The Scarbrough Building on the corner of Sixth Street and Congress Avenue
The Scarbrough Building, opposite the Littlefield Building, as it looked around 1911
The interior of the Scarbrough Building
The golden letters of the Scarbrough Building's sign
The inside of an office in the Scarbrough Building
Backstory and Context
When Austin was selected to be the capital of the Republic of Texas in 1839, the intersection of Congress Avenue and Sixth Street (then Pecan Street) was expected to be an epicenter of business. This was reflected in the price of the land located at the southwest corner of these streets, which was bought by Alexander Russell for $2,800—the most money spent on any plot of land at the time. Growth was slow in the new capital during its early years, especially while the Civil War raged. However, after the end of war and the arrival of the Houston and Texas Central Railroad, Austin’s population started to expand with new arrivals to the city.
One of these Texas transplants was a businessman named Emerson Monroe (“E.M.”) Scarbrough. Scarbrough was a native Alabaman and a Confederate veteran of the Civil War who moved to Texas in the 1870s. In 1883 he opened a general store, Scarbrough & Hicks, with R.H. Hicks in the town of Rockdale. A decade later, they opened a new department store in Austin, near the corner of Congress and Sixth. This new venture grew quickly, becoming the fifth largest department store in the entire state, forcing the partners to expand their operations and eventually purchase the lot that went for $2,800 back in 1839.
On this busy intersection, they built the first skyscraper in Austin. Designed in the Chicago-style by the Fort Worth architects Sanguinet and Staas, and constructed by the James Black Construction Company of St. Louis, the Scarbrough Building was completed in 1909. At the time, it was the tallest building west of New Orleans, before the competitive George W. Littlefield added an extra story to his own Austin building across the street. Scarbrough moved his department store into the first two floors of the building, with office space occupying the other six. The building was astonishingly modern at the time, with heating, air conditioning, and ice water drinking fountains. With ten different departments, the store employed 30 clerks when it opened, a number that would multiply tenfold over the next 30 years.
After Hicks died in 1912, Scarbrough bought out his share of the business and renamed it E.M. Scarbrough & Sons. Even though Scarborough died in 1925, his sons shepherded the family business to new heights. The store continued to grow, eventually occupying three floors, and was remodeled in the Art Deco style in 1931. It was a major shopping attraction in downtown Austin for decades, until post-World War II suburbanization and the rise of shopping malls forever altered the fate of department stores.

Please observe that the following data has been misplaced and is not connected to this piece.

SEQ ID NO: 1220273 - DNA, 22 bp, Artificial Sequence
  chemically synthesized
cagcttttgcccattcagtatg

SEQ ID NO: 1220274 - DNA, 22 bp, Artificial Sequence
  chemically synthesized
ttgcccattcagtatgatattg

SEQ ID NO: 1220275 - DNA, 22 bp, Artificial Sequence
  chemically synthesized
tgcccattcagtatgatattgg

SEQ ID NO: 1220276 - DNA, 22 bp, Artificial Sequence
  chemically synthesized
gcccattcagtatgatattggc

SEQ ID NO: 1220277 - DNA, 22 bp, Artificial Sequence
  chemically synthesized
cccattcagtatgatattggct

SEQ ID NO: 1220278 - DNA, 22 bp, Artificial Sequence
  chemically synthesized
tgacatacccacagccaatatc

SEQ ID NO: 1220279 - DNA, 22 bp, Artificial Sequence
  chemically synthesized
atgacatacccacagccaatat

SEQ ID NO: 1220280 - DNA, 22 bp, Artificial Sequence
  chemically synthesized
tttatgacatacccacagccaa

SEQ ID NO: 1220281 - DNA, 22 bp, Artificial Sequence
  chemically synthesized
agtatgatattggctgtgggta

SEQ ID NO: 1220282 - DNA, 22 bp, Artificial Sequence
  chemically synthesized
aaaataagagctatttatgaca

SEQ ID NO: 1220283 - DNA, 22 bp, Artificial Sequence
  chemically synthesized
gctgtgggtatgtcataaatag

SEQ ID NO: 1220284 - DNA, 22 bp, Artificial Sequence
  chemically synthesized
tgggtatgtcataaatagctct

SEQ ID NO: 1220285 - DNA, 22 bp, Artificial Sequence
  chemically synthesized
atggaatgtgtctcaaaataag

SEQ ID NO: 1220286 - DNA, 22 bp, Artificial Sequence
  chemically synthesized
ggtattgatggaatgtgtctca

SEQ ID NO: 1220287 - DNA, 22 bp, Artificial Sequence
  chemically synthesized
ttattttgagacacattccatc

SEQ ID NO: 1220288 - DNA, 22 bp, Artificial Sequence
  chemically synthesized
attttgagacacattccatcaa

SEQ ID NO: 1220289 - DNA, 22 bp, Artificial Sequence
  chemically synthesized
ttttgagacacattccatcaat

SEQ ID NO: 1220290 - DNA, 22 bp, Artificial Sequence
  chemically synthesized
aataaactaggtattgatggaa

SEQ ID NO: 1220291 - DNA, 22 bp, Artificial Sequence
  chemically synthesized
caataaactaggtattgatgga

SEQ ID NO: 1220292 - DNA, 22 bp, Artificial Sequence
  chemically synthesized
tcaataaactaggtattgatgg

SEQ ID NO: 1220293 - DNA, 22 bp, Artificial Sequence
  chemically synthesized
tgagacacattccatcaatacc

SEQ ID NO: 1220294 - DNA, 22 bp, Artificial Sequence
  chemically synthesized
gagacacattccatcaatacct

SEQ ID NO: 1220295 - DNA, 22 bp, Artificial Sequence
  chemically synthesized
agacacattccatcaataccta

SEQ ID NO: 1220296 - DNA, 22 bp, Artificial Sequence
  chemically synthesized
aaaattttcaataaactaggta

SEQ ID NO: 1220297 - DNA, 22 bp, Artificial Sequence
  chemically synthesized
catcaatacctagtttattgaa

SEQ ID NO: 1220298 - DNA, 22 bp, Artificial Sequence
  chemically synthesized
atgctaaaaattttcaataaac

Scarbrough & Sons tried to adapt to these changes, opening an outlet store in the Highland Mall in the 1970s and a boutique store in the Central Park Shopping Center, both of which would eventually close. After years of declining business, Scarbrough’s downtown store closed its doors in the winter of 1982-83, ending a nearly century-long history for the beloved Austin staple. However, the Scarbrough Building remains, and has been used as restaurant, retail, and office space for various businesses. Most recently, the dining and entertainment chain Punch Bowl Social opened a downtown location in the historic Austin landmark.
- Scarbrough Building, Equitable Commercial Realty. Accessed February 13th 2020. http://www.ecrtx.com/wp-content/uploads/2015/06/Scarbrough-Building_History-Flyer.pdf.
- "Austin Askew"--Chapter XXI--Scarborough's Department Store, 1893-1982, The Great Indoorsman. February 23rd 2006. Accessed February 13th 2020. https://thegreatindoorsman.wordpress.com/2012/04/29/are-you-being-served-scarboroughs-department-store-1893-1982-3-2/.
- Scarbrough's Keeps Pace With Progress of Texas, Richard Zelade's Website. April 23rd 1939. Accessed February 13th 2020. http://www.richardzelade.com/scarbrough1939.htm.
- Sixth Street Historic District, Texas Historical Commission. December 30th 1975. Accessed February 13th 2020. https://www.thc.texas.gov/public/upload/preserve/survey/highway/Sixth%20St%20Historic%20District%20Austin.pdf.
- Harris, Anne. Brooks Brothers Fits Right Into the Scarborough Building, The Austin Chronicle. July 14th 2011. Accessed February 13th 2020. https://www.austinchronicle.com/daily/design/2011-07-14/brooks-brothers-fits-right-into-the-scarborough-building/.
- Edgemon, Erin. It's official: Punch Bowl Social signs lease in downtown Austin, Austin Business Journal. February 4th 2019. Accessed February 13th 2020. https://www.bizjournals.com/austin/news/2019/02/04/its-official-punch-bowl-social-signs-lease-in.html.